Carpal Tunnel Diagnosis
If your healthcare provider is unsure of a carpal tunnel syndrome diagnosis, or if symptoms continue after treatment, he or she may recommend a nerve conduction study or electromyography (EMG). These tests are used to see how well the median nerve is functioning and where it might be damaged. A small percentage (up to 10 percent) of people with carpal tunnel syndrome will have normal test results.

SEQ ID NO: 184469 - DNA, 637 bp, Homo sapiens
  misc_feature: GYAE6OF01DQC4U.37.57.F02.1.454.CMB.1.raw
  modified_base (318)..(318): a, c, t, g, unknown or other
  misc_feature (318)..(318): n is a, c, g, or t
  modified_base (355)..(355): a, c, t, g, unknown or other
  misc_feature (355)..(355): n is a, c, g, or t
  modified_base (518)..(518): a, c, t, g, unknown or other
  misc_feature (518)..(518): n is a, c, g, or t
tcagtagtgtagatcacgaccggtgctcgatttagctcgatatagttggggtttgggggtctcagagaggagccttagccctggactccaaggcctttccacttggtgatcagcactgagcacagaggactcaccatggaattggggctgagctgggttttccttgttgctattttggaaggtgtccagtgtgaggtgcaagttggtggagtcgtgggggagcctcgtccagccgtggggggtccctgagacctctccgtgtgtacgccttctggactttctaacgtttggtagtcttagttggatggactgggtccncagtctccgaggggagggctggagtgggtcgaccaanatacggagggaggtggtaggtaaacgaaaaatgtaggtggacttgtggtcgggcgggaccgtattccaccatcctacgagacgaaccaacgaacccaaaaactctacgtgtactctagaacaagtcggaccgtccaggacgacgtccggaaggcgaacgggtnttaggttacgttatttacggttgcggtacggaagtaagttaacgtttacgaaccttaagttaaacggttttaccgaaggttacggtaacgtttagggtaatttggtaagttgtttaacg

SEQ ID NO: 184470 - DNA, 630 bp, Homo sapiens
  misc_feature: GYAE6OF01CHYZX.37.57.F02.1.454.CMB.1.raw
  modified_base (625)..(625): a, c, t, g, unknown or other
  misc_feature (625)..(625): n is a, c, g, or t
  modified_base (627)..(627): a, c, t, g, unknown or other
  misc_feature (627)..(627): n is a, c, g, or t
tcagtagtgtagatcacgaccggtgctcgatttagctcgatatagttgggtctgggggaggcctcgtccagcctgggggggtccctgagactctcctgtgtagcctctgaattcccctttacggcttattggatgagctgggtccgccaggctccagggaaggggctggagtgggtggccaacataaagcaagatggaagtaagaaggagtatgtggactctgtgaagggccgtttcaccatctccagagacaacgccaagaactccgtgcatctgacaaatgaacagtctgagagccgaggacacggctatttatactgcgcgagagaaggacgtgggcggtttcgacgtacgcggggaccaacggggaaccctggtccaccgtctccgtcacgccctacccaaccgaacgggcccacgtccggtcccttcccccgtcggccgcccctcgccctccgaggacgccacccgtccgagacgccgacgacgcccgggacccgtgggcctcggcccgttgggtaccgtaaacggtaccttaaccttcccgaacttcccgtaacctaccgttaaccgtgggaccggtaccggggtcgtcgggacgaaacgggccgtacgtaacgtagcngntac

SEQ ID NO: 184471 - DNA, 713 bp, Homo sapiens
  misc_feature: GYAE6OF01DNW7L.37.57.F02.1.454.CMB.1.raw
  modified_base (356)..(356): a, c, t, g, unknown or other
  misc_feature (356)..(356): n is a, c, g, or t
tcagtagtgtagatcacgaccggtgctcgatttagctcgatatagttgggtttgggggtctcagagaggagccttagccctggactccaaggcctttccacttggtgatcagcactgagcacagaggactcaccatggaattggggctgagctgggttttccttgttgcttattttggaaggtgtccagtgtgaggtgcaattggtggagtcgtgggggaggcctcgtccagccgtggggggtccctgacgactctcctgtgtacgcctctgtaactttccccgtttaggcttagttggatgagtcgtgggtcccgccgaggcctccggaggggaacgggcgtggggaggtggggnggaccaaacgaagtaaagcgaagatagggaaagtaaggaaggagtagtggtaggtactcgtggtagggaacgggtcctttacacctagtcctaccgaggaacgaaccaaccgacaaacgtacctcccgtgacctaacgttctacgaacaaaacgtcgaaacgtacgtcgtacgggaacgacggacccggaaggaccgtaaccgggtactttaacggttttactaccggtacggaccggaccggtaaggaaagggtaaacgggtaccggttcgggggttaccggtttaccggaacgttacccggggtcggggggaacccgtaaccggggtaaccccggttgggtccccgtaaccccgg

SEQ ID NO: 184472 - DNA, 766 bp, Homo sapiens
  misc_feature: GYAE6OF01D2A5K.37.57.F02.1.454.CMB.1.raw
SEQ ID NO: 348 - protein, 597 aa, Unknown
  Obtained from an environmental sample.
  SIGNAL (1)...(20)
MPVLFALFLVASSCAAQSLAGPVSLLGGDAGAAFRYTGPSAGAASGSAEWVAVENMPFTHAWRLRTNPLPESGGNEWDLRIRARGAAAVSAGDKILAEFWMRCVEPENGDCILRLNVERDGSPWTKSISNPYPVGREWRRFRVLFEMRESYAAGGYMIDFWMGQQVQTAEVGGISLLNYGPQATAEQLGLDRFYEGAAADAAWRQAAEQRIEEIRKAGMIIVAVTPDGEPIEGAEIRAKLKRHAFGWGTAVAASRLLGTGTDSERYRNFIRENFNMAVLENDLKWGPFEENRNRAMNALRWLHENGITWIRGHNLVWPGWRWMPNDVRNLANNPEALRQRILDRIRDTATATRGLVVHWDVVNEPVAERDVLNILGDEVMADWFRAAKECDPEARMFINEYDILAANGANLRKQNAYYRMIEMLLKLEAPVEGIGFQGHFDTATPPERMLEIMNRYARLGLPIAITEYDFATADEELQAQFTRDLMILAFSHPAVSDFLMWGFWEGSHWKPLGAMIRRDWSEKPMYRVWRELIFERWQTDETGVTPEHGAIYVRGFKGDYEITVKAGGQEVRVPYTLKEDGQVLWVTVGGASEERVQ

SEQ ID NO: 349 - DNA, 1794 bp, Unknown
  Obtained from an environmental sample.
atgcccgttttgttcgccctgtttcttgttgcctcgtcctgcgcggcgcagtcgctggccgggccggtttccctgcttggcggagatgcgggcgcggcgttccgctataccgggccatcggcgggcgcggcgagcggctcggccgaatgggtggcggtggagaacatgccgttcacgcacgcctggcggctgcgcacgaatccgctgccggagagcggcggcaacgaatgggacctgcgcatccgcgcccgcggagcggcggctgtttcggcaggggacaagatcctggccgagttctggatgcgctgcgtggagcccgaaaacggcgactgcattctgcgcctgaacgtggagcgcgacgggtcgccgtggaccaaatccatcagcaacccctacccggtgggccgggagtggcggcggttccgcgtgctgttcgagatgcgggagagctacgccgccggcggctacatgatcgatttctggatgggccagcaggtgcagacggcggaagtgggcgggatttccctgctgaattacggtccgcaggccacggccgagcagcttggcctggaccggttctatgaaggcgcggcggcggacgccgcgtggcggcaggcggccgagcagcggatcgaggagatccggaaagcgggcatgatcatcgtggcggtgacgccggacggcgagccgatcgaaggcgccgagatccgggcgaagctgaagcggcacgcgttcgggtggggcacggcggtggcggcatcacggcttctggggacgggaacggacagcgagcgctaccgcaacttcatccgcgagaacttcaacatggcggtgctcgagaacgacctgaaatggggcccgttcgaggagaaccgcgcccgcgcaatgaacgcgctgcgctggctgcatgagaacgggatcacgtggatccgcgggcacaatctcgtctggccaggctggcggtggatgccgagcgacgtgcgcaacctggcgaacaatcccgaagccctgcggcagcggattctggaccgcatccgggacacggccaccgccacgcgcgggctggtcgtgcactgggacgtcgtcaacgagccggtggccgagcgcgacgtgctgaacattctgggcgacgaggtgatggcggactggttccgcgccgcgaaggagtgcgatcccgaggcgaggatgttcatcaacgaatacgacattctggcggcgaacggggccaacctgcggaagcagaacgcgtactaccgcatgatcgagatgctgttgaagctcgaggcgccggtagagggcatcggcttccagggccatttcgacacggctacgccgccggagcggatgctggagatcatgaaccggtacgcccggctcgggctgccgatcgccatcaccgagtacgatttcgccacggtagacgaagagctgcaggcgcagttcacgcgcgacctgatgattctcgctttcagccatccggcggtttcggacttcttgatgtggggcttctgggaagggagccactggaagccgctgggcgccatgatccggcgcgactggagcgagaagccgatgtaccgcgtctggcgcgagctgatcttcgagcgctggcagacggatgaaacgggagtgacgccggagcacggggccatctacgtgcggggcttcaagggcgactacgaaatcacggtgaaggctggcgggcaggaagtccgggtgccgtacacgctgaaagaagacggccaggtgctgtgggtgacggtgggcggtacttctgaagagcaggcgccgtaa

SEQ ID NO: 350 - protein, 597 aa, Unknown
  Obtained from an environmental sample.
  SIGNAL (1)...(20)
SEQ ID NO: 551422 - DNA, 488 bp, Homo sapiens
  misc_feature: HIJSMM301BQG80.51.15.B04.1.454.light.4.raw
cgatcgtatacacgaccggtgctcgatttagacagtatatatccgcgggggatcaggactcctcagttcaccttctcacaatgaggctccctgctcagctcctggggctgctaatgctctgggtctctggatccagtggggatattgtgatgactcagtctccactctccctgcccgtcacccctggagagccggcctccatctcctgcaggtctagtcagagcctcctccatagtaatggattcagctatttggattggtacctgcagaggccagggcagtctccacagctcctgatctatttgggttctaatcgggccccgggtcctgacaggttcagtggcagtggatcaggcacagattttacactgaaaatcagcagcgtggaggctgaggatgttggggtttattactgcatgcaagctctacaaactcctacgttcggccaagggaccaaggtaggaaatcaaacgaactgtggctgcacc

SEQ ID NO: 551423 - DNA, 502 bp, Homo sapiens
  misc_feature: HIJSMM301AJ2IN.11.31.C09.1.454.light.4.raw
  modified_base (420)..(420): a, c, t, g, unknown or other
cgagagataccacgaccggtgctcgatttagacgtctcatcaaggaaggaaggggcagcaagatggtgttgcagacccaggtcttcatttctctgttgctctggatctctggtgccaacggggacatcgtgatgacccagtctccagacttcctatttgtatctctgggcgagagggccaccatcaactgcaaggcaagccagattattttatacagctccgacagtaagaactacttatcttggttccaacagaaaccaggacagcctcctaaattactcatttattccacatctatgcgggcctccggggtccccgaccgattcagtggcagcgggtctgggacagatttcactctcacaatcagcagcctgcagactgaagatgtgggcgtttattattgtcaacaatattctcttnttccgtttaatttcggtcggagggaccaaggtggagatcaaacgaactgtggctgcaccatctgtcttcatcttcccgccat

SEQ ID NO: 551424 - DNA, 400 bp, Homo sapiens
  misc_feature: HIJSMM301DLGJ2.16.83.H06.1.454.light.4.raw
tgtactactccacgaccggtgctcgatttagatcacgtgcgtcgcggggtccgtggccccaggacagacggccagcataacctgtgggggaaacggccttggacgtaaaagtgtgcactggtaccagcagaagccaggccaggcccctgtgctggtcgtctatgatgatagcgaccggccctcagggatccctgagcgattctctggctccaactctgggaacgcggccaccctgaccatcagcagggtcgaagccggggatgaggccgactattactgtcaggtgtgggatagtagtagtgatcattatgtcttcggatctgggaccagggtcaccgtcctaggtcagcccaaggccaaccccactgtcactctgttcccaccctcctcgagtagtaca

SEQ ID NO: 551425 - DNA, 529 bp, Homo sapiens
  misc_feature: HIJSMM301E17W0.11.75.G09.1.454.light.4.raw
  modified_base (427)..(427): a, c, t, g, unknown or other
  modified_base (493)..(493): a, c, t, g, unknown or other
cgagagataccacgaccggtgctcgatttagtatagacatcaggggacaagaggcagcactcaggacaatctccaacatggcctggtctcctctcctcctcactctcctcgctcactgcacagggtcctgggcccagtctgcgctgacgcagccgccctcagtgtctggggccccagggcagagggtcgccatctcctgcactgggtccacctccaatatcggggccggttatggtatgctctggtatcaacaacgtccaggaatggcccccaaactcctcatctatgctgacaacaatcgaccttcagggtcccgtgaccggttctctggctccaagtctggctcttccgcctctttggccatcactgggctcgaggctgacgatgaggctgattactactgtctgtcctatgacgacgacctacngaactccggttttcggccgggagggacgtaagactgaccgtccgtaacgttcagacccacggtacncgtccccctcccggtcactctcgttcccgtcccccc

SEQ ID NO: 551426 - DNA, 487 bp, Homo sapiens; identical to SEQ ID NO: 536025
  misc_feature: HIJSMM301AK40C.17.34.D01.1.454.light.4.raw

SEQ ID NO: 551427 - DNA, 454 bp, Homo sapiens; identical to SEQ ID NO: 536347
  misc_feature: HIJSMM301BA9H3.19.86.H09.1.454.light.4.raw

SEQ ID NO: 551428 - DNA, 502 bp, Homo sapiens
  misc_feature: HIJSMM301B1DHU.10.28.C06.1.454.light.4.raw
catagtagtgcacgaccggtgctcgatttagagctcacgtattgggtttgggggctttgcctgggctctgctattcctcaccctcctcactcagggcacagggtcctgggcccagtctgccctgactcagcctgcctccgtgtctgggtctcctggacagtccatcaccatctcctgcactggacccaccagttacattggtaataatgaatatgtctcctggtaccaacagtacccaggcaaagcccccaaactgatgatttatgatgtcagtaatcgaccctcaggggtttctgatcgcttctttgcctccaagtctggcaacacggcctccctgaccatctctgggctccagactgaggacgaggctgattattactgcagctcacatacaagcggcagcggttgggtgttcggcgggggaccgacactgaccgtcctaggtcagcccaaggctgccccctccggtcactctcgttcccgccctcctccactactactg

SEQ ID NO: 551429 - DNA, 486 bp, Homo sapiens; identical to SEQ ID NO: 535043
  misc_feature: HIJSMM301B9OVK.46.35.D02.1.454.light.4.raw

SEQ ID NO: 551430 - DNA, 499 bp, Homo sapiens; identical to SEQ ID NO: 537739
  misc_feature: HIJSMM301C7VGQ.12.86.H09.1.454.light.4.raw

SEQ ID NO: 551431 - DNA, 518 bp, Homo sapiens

In a nerve conduction study, electrodes are placed on the hand and wrist. Small electric shocks are applied, and the speed with which nerves transmit impulses is measured. In electromyography, a fine needle is inserted into a muscle; electrical activity viewed on a screen can determine the severity of damage to the median nerve.
Several conditions share similar symptoms with carpal tunnel syndrome. Therefore, before diagnosing carpal tunnel syndrome, your healthcare provider will consider many of these conditions. Some of these conditions include: